Why Elisabeth Moss Ended Season 5 Of Handmaid's Tale With That Strange Look

A close-up shot of Elisabeth Moss staring into the camera with an intense expression has become a cliché because it happens in nearly every episode of "The Handmaid's Tale." But there's a moment at the end of the Season 5 finale, entitled "Safe," where this kind of shot is completely earned. The fifth season is all about June Osborn's struggle to find her identity while sorting her unresolved Gilead trauma. Her violent vengeance on Fred Waterford does not bring her the inner peace she thought it would.

At the core of this season is June's relationship with Serena Joy Waterford (Yvonne Strahovski). In the Season 4 episode "Home," she confronts a pregnant Serena in prison, quaking with anger as she banishes her to a "life full of suffering and shame" and hopes that God would kill her baby so she could understand "a fraction" of the pain the Handmaids went through. Yet in Season 5, June does not act on her anger; she gets multiple chances to kill Serena but chooses not to. 

In one of the most intense episodes of the fifth season, "No Man's Land," June helps Serena deliver her baby instead of allowing her to die in childbirth alone. June tells Serena that she does not forgive her, but she does not want to perpetuate Gilead's cruelty towards women. After Serena gives birth, she escapes from her Canadian hosts who force her into a Handmaid-like role. We do not see her until the last scene of "Safe" where Serena and June, after orbiting each other throughout the entire season, share a searing expression. It's a fierce exchange that leaves the viewer on edge, which Elisabeth Moss discussed in an interview with The Hollywood Reporter

June is not alone

The pulse-pounding final scene begins with June, Luke, and baby Nichole on the run from Canada. In the midst of anti-refugee tensions, Luke is wanted for murdering a man who attacked June. At the train station, Luke makes the devastating decision to turn himself in so that June and Nichole can find safety.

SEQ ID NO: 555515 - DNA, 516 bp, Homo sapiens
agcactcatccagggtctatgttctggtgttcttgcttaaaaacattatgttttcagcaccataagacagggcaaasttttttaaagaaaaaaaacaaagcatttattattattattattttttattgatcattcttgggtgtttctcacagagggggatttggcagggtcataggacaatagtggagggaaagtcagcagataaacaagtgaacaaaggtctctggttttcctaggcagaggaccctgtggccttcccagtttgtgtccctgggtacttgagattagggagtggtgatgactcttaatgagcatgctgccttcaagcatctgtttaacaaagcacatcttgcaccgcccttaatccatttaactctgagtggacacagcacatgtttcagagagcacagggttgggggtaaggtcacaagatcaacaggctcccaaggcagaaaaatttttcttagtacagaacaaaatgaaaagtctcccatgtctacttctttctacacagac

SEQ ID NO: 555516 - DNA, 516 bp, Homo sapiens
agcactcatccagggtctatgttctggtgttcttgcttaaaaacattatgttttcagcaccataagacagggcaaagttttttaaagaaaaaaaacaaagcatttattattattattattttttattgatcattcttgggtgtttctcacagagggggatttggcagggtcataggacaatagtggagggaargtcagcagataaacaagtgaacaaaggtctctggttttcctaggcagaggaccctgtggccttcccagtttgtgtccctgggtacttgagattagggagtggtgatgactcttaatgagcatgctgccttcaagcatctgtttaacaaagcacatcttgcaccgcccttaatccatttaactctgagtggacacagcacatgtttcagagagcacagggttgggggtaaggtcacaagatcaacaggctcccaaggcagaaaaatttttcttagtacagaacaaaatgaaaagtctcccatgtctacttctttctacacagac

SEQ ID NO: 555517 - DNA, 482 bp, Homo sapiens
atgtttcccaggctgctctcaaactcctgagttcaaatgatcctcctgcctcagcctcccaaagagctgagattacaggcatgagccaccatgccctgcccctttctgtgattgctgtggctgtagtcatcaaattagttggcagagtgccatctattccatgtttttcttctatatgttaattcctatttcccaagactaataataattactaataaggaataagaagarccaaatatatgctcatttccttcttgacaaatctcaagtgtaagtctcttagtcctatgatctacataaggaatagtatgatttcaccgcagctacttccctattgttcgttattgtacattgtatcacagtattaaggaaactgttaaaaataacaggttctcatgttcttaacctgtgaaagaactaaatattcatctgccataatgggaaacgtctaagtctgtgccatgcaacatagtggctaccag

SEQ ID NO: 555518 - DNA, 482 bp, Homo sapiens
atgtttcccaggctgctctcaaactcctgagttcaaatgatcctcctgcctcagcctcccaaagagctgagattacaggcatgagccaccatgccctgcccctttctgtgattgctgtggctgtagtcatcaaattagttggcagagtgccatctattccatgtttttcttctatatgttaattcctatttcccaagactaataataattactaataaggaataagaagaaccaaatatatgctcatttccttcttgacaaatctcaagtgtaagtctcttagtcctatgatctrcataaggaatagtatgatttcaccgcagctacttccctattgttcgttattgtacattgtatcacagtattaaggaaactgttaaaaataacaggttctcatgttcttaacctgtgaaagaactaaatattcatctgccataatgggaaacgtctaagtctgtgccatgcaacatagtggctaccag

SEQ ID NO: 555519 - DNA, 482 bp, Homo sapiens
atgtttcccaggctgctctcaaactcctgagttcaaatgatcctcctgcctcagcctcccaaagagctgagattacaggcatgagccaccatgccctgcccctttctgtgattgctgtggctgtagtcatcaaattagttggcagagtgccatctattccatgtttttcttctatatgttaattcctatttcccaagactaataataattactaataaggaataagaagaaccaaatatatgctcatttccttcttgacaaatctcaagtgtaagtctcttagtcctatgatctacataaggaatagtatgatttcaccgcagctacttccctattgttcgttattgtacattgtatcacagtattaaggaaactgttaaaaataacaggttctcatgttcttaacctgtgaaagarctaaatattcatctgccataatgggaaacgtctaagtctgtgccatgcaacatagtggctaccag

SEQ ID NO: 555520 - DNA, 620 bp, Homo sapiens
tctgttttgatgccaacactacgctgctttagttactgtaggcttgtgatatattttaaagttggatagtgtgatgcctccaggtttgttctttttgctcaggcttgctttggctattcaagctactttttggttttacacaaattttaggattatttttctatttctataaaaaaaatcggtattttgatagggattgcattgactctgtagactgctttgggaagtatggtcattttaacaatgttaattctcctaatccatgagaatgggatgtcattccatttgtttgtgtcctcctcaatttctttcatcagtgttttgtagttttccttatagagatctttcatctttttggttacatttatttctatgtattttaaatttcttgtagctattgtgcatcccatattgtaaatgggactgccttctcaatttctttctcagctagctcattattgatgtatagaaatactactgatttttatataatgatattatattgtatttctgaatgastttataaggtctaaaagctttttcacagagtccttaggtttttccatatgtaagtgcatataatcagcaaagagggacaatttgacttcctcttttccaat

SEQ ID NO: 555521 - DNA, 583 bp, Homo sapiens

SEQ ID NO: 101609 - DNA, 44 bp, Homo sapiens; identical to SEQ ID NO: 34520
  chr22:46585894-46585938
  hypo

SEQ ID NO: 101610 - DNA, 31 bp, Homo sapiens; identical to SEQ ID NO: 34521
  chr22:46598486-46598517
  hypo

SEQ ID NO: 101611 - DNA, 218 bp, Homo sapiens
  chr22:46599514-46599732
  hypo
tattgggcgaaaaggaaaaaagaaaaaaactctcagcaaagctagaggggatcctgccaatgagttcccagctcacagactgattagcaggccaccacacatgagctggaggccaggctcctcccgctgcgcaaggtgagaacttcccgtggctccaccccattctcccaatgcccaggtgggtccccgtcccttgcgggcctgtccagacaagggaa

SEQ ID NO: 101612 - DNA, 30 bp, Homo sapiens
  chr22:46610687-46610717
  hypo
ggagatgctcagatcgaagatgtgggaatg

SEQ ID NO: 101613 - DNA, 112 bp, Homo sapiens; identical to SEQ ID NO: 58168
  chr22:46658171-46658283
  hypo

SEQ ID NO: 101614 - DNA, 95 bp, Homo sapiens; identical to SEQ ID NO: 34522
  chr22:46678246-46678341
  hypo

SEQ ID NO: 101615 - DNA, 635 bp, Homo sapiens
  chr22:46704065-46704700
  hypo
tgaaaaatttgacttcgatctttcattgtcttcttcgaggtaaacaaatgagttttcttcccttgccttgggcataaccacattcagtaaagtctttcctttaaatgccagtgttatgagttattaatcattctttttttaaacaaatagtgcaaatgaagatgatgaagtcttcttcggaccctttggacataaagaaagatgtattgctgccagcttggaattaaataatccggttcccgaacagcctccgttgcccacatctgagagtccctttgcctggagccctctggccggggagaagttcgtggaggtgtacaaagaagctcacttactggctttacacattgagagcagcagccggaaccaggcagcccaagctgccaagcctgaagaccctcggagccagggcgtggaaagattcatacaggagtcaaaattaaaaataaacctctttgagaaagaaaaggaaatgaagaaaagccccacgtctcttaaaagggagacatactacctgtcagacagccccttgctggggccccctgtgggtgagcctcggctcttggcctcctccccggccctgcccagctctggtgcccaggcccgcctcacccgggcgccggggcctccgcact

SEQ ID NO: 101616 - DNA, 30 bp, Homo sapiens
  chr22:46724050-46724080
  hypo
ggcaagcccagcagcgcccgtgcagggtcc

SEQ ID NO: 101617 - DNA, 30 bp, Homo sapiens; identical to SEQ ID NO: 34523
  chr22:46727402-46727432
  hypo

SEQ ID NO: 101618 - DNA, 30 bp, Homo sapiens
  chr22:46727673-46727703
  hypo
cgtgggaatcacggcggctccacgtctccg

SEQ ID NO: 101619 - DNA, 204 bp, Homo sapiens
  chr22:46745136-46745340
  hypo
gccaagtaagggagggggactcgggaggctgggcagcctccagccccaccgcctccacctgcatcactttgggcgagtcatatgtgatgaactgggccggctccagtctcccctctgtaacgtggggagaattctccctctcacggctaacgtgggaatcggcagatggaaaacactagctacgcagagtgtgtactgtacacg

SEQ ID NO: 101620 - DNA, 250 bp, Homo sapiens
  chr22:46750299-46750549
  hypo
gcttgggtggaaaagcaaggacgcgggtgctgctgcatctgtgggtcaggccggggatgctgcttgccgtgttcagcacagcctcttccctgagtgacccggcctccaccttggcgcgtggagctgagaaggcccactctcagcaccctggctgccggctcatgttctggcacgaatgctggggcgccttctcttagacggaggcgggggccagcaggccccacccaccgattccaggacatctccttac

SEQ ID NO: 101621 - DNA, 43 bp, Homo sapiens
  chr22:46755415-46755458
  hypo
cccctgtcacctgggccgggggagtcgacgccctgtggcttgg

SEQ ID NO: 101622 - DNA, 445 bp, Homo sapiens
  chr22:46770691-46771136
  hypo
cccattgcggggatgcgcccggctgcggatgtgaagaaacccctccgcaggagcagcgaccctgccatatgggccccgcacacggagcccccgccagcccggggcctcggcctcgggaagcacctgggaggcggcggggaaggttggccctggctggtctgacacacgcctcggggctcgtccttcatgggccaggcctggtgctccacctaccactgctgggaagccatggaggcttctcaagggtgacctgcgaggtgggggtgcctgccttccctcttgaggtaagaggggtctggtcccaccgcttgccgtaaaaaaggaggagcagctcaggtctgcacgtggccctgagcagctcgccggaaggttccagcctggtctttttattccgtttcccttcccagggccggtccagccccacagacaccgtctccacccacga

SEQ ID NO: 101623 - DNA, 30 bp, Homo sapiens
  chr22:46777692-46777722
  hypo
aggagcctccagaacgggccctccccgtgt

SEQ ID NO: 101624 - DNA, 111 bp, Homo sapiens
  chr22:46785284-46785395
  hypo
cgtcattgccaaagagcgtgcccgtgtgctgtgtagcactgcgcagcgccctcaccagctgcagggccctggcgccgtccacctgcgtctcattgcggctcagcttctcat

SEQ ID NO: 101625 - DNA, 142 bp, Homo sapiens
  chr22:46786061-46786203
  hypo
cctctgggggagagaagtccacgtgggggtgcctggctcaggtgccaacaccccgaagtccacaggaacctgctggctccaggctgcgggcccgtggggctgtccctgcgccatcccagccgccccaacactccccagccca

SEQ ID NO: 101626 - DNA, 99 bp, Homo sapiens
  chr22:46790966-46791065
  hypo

Alone with a crying Nichole, broken arm, and broken heart, June wanders the train and tries to comfort her child. As she heads towards a crying baby, the camera pushes through the crowd to find Serena standing at the end of the train car holding Noah. The music swells with this stunning recognition. Elisabeth Moss, who directed the episode, switches between close-ups of the women's faces in shock and awe. 

"Do you have a diaper?" asks Serena with an amiable grin. June raises an eyebrow and gives a strange look, something between a wry smile and a flash of anger that seems to acknowledge all of the twists and turns their relationship has taken throughout the season. June was terrified when Luke left her at the train station and cried, "I don't want to do it alone anymore." Instead, Serena is there with her — not the person she was expecting but perhaps the one person she needs.

What does the look mean?